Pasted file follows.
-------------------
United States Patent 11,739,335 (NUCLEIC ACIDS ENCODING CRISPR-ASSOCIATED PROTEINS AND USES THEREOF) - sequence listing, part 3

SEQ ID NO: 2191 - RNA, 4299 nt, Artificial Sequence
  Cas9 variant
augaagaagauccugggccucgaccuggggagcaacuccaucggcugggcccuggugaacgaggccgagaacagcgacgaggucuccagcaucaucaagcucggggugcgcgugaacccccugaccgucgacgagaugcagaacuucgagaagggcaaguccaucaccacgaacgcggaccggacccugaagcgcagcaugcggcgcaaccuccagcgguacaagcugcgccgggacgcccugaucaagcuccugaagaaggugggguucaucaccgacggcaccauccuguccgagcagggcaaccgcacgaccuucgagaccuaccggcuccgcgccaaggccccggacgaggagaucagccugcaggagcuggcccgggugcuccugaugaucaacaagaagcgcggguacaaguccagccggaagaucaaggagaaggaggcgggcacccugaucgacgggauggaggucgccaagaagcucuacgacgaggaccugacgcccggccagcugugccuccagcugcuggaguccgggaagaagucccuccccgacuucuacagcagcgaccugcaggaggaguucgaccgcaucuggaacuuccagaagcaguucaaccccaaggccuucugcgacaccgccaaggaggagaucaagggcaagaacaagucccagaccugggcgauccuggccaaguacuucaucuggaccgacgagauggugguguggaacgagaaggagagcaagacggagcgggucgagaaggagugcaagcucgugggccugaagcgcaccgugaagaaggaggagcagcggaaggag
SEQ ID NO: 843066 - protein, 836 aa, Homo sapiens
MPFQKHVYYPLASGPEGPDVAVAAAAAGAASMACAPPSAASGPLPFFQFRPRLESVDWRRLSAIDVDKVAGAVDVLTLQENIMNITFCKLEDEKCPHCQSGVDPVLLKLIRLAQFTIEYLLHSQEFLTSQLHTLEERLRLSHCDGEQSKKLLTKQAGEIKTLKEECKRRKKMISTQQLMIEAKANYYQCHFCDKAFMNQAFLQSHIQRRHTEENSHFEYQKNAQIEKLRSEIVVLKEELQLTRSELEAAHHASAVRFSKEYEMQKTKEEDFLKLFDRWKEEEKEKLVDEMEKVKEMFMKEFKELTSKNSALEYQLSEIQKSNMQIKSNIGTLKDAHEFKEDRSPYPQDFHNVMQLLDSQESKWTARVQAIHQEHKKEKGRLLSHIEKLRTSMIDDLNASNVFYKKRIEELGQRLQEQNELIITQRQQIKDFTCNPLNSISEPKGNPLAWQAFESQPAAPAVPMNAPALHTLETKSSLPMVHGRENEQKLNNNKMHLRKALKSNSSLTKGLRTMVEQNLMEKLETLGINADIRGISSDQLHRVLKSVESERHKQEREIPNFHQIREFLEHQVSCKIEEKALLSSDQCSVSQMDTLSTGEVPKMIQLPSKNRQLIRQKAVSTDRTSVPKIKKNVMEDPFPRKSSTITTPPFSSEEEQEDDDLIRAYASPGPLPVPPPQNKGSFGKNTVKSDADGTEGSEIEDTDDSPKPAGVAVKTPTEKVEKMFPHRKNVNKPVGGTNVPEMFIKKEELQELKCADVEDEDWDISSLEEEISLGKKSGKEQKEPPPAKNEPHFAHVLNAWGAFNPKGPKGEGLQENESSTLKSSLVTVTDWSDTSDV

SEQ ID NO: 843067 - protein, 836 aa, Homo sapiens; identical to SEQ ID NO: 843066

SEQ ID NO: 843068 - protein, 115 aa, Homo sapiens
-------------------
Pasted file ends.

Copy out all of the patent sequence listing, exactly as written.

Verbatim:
United States Patent 11,739,335 (NUCLEIC ACIDS ENCODING CRISPR-ASSOCIATED PROTEINS AND USES THEREOF) - sequence listing, part 3

SEQ ID NO: 2191 - RNA, 4299 nt, Artificial Sequence
  Cas9 variant
augaagaagauccugggccucgaccuggggagcaacuccaucggcugggcccuggugaacgaggccgagaacagcgacgaggucuccagcaucaucaagcucggggugcgcgugaacccccugaccgucgacgagaugcagaacuucgagaagggcaaguccaucaccacgaacgcggaccggacccugaagcgcagcaugcggcgcaaccuccagcgguacaagcugcgccgggacgcccugaucaagcuccugaagaaggugggguucaucaccgacggcaccauccuguccgagcagggcaaccgcacgaccuucgagaccuaccggcuccgcgccaaggccccggacgaggagaucagccugcaggagcuggcccgggugcuccugaugaucaacaagaagcgcggguacaaguccagccggaagaucaaggagaaggaggcgggcacccugaucgacgggauggaggucgccaagaagcucuacgacgaggaccugacgcccggccagcugugccuccagcugcuggaguccgggaagaagucccuccccgacuucuacagcagcgaccugcaggaggaguucgaccgcaucuggaacuuccagaagcaguucaaccccaaggccuucugcgacaccgccaaggaggagaucaagggcaagaacaagucccagaccugggcgauccuggccaaguacuucaucuggaccgacgagauggugguguggaacgagaaggagagcaagacggagcgggucgagaaggagugcaagcucgugggccugaagcgcaccgugaagaaggaggagcagcggaaggag
SEQ ID NO: 843066 - protein, 836 aa, Homo sapiens
MPFQKHVYYPLASGPEGPDVAVAAAAAGAASMACAPPSAASGPLPFFQFRPRLESVDWRRLSAIDVDKVAGAVDVLTLQENIMNITFCKLEDEKCPHCQSGVDPVLLKLIRLAQFTIEYLLHSQEFLTSQLHTLEERLRLSHCDGEQSKKLLTKQAGEIKTLKEECKRRKKMISTQQLMIEAKANYYQCHFCDKAFMNQAFLQSHIQRRHTEENSHFEYQKNAQIEKLRSEIVVLKEELQLTRSELEAAHHASAVRFSKEYEMQKTKEEDFLKLFDRWKEEEKEKLVDEMEKVKEMFMKEFKELTSKNSALEYQLSEIQKSNMQIKSNIGTLKDAHEFKEDRSPYPQDFHNVMQLLDSQESKWTARVQAIHQEHKKEKGRLLSHIEKLRTSMIDDLNASNVFYKKRIEELGQRLQEQNELIITQRQQIKDFTCNPLNSISEPKGNPLAWQAFESQPAAPAVPMNAPALHTLETKSSLPMVHGRENEQKLNNNKMHLRKALKSNSSLTKGLRTMVEQNLMEKLETLGINADIRGISSDQLHRVLKSVESERHKQEREIPNFHQIREFLEHQVSCKIEEKALLSSDQCSVSQMDTLSTGEVPKMIQLPSKNRQLIRQKAVSTDRTSVPKIKKNVMEDPFPRKSSTITTPPFSSEEEQEDDDLIRAYASPGPLPVPPPQNKGSFGKNTVKSDADGTEGSEIEDTDDSPKPAGVAVKTPTEKVEKMFPHRKNVNKPVGGTNVPEMFIKKEELQELKCADVEDEDWDISSLEEEISLGKKSGKEQKEPPPAKNEPHFAHVLNAWGAFNPKGPKGEGLQENESSTLKSSLVTVTDWSDTSDV

SEQ ID NO: 843067 - protein, 836 aa, Homo sapiens; identical to SEQ ID NO: 843066

SEQ ID NO: 843068 - protein, 115 aa, Homo sapiens